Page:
This Norton Critical Edition of Stevenson's enduringly popular and chilling tale is based on the 1886 First British Edition, the only edition set directly from Stevenson's manuscript and for which he read proofs. The text has been rigorously annotated for student readers and is accompanied by a textual appendix."Backgrounds and Contexts" includes a wealth of materials on the tale's publication history as well as its relevance to Victorian culture. Twelve of Stevenson's letters from the years 1885-87 are excerpted, along with his essay "A Chapter on Dreams," in which he comments on the plot's origin. Ten contemporary responses--including those by Julia Wedgwood, Gerard Manley Hopkins, and Henry James--illustrate Strange Case of Dr. Jekyll and Mr. Hyde's initial reception. Stevenson's 1885 tale "Markheim," a precursor to Jekyll and Hyde and a window onto the Victorian sensation market, is reprinted in its entirety in this Norton Critical Edition. Karl Miller, Jenni Calder, and Judith Halberstam discuss literary genres central to Jekyll and Hyde. Four scientific essays--including one by Stephen Jay Gould--elucidate Victorian conceptions of atavism, multiple-personality disorder, narcotics addiction, and sexual aberration. Judith R. Walkowitz and Walter Houghton consider the implications of Victorian moral conformity and political disunity for society at large.
This University of Nebraska Press edition is a small, exquisitely produced paperback. The book design, based on the original first edition of 1886, includes wide margins, decorative capitals on the title page and first page of each chapter, and a clean, readable font that is 19th-century in style. Joyce Carol Oates contributes a foreword in which she calls Dr. Jekyll and Mr. Hyde a "mythopoetic figure" like Frankenstein, Dracula, and Alice in Wonderland, and compares Stevenson's creation to doubled selves in the works of Plato, Poe, Wilde, and Dickens.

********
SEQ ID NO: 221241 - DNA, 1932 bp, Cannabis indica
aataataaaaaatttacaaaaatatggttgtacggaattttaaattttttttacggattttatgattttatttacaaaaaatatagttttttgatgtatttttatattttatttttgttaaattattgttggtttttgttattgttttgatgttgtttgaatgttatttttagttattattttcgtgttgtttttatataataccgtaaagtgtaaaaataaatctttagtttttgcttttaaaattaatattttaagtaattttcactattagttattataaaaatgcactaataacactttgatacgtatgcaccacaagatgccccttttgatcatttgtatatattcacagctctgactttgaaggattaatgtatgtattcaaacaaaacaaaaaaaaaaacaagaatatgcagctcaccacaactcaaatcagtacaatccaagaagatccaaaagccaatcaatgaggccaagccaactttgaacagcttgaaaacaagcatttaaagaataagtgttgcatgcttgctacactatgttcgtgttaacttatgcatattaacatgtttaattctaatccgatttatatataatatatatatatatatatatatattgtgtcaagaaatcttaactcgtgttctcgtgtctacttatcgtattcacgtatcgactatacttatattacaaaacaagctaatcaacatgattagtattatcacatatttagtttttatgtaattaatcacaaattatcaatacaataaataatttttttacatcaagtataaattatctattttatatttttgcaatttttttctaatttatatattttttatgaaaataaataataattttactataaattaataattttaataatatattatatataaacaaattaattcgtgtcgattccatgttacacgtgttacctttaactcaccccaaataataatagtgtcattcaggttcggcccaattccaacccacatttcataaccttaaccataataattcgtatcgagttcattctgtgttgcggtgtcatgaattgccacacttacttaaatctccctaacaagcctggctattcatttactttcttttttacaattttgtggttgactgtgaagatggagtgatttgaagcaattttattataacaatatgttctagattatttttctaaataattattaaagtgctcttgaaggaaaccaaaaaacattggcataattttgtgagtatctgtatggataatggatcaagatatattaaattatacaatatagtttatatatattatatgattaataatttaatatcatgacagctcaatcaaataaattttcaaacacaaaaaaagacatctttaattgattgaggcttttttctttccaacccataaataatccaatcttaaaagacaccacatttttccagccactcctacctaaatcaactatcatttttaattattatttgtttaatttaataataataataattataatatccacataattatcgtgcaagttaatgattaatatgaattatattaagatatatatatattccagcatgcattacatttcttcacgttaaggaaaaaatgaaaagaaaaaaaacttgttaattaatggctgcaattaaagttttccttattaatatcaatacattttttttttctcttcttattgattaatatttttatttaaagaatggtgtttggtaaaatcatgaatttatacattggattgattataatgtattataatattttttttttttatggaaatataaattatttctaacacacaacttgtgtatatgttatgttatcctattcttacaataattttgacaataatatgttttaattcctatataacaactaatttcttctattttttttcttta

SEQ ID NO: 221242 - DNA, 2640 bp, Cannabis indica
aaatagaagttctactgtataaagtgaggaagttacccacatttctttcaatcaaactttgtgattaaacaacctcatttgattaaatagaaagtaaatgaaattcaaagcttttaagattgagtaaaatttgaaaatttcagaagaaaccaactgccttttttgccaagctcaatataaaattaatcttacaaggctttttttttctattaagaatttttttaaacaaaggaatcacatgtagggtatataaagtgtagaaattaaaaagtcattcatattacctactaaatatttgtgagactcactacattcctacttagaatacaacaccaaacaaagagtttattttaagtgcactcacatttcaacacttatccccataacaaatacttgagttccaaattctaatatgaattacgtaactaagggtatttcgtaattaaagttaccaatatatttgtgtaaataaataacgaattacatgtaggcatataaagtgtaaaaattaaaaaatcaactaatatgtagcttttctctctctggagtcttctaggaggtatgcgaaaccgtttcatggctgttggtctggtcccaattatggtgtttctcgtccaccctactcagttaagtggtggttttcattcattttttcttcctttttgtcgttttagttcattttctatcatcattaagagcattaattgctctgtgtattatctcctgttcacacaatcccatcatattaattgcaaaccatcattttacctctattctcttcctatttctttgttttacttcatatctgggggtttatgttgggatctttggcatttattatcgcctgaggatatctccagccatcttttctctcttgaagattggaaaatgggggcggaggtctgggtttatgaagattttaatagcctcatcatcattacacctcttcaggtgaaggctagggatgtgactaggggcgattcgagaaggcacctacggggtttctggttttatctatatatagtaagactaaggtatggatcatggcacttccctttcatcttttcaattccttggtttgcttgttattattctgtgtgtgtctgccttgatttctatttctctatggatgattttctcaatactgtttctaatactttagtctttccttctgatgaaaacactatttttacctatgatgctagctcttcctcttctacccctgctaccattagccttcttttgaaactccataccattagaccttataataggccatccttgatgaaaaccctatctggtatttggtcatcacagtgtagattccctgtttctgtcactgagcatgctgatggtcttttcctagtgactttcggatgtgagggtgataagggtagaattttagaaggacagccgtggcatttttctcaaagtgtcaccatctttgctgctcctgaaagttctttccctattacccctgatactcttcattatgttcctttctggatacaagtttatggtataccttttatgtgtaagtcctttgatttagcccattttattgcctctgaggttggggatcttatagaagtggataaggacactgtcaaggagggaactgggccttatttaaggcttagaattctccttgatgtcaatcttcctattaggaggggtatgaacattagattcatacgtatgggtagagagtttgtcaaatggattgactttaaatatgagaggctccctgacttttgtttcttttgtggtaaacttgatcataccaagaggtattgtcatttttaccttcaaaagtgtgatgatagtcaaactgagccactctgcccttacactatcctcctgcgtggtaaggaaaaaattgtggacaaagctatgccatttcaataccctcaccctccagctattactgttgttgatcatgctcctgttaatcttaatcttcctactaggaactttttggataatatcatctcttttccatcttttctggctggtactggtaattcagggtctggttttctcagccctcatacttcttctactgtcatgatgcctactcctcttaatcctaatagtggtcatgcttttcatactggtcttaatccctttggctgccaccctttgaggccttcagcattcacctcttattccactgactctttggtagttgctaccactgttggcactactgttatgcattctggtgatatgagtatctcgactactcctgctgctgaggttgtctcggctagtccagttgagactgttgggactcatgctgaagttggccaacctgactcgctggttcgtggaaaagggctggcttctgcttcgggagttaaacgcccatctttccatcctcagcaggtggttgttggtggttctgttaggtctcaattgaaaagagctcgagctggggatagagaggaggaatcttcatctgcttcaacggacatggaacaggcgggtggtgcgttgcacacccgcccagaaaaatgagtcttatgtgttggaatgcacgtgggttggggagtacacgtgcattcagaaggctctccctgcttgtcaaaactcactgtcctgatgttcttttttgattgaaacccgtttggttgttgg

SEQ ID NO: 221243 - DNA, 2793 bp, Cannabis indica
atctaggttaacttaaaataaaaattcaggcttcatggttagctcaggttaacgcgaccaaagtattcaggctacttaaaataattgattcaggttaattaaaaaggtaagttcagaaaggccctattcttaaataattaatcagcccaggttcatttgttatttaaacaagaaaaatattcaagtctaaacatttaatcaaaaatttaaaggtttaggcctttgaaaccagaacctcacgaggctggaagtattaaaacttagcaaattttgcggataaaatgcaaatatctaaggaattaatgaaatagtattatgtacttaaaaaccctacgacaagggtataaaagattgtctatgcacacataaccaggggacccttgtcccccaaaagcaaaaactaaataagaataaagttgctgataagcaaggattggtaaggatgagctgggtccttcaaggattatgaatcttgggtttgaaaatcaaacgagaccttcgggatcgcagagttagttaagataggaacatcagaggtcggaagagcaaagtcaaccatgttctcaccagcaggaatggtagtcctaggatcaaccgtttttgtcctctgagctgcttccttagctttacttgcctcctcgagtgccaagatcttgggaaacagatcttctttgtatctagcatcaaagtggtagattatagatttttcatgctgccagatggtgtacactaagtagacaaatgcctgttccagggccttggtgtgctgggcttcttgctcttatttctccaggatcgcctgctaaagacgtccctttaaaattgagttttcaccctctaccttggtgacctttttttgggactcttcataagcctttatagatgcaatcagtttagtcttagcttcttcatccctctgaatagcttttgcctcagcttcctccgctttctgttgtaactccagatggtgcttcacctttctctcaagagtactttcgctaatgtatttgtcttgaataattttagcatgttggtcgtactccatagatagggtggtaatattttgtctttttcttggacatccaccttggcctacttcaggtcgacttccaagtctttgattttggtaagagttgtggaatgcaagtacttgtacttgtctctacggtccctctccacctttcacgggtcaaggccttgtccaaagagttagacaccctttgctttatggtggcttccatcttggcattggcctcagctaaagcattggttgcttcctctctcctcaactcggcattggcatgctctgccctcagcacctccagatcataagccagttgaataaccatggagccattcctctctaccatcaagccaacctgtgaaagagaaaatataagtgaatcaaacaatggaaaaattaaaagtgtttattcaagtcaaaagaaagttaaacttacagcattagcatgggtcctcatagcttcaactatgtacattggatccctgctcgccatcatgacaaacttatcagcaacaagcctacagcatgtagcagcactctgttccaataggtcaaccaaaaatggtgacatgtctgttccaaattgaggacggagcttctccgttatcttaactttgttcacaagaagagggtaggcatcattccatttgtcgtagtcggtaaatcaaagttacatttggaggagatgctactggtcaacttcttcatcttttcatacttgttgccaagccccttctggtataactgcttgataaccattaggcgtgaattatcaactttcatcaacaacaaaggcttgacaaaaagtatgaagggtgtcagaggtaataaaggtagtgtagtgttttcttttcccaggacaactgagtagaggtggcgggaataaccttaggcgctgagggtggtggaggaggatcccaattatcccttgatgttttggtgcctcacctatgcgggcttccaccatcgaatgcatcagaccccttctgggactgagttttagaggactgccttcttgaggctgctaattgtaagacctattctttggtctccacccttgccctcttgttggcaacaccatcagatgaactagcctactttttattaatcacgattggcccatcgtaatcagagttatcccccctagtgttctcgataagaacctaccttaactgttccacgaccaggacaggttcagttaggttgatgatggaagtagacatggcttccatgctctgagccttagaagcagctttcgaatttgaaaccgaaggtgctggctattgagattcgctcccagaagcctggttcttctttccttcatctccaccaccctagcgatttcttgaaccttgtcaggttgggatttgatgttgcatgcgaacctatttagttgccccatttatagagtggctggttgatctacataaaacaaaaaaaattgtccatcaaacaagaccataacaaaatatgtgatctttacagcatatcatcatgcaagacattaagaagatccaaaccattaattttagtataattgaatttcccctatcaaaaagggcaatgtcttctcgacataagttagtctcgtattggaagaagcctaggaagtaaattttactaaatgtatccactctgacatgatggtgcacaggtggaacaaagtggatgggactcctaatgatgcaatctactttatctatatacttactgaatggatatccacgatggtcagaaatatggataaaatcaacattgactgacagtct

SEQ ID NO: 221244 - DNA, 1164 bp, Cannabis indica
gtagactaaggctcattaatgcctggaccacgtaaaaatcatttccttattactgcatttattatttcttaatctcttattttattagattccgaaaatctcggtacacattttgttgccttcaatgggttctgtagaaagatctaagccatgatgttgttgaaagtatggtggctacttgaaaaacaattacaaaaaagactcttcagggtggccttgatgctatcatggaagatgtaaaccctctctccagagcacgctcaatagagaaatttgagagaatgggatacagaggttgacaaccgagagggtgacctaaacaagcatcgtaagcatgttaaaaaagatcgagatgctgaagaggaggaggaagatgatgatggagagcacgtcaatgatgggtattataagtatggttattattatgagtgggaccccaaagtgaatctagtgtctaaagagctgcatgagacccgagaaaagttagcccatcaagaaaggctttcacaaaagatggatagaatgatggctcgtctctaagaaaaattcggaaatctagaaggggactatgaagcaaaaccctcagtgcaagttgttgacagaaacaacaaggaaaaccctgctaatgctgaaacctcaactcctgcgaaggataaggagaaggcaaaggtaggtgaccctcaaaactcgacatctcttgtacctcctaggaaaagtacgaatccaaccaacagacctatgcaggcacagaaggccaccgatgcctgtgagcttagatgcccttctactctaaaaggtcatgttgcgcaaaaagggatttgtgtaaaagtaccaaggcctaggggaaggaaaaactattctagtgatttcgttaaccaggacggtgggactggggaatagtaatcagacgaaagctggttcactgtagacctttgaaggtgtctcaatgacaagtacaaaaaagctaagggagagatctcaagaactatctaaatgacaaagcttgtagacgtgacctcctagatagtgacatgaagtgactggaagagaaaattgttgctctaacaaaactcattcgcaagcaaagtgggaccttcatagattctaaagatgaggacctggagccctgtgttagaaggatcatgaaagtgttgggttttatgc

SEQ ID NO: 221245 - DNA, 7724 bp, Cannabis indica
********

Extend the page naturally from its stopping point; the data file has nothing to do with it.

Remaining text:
This edition also features 12 full-page wood engravings by renowned illustrator Barry Moser. Moser is a skillful reader and interpreter as well as artist, and his afterword to the book, in which he explains the process by which he chose a self-portrait motif for the suite of engravings, is fascinating. For the image of Edward Hyde, he writes, "I went so far as to have my dentist fit me out with a carefully sculpted prosthetic of evil-looking teeth. But in the final moments I had to abandon the idea as being inappropriate. It was more important to stay in keeping with the text and, like Stevenson, not show Hyde's face." (Also recommended: the edition of Frankenstein illustrated by Barry Moser) --Fiona Webster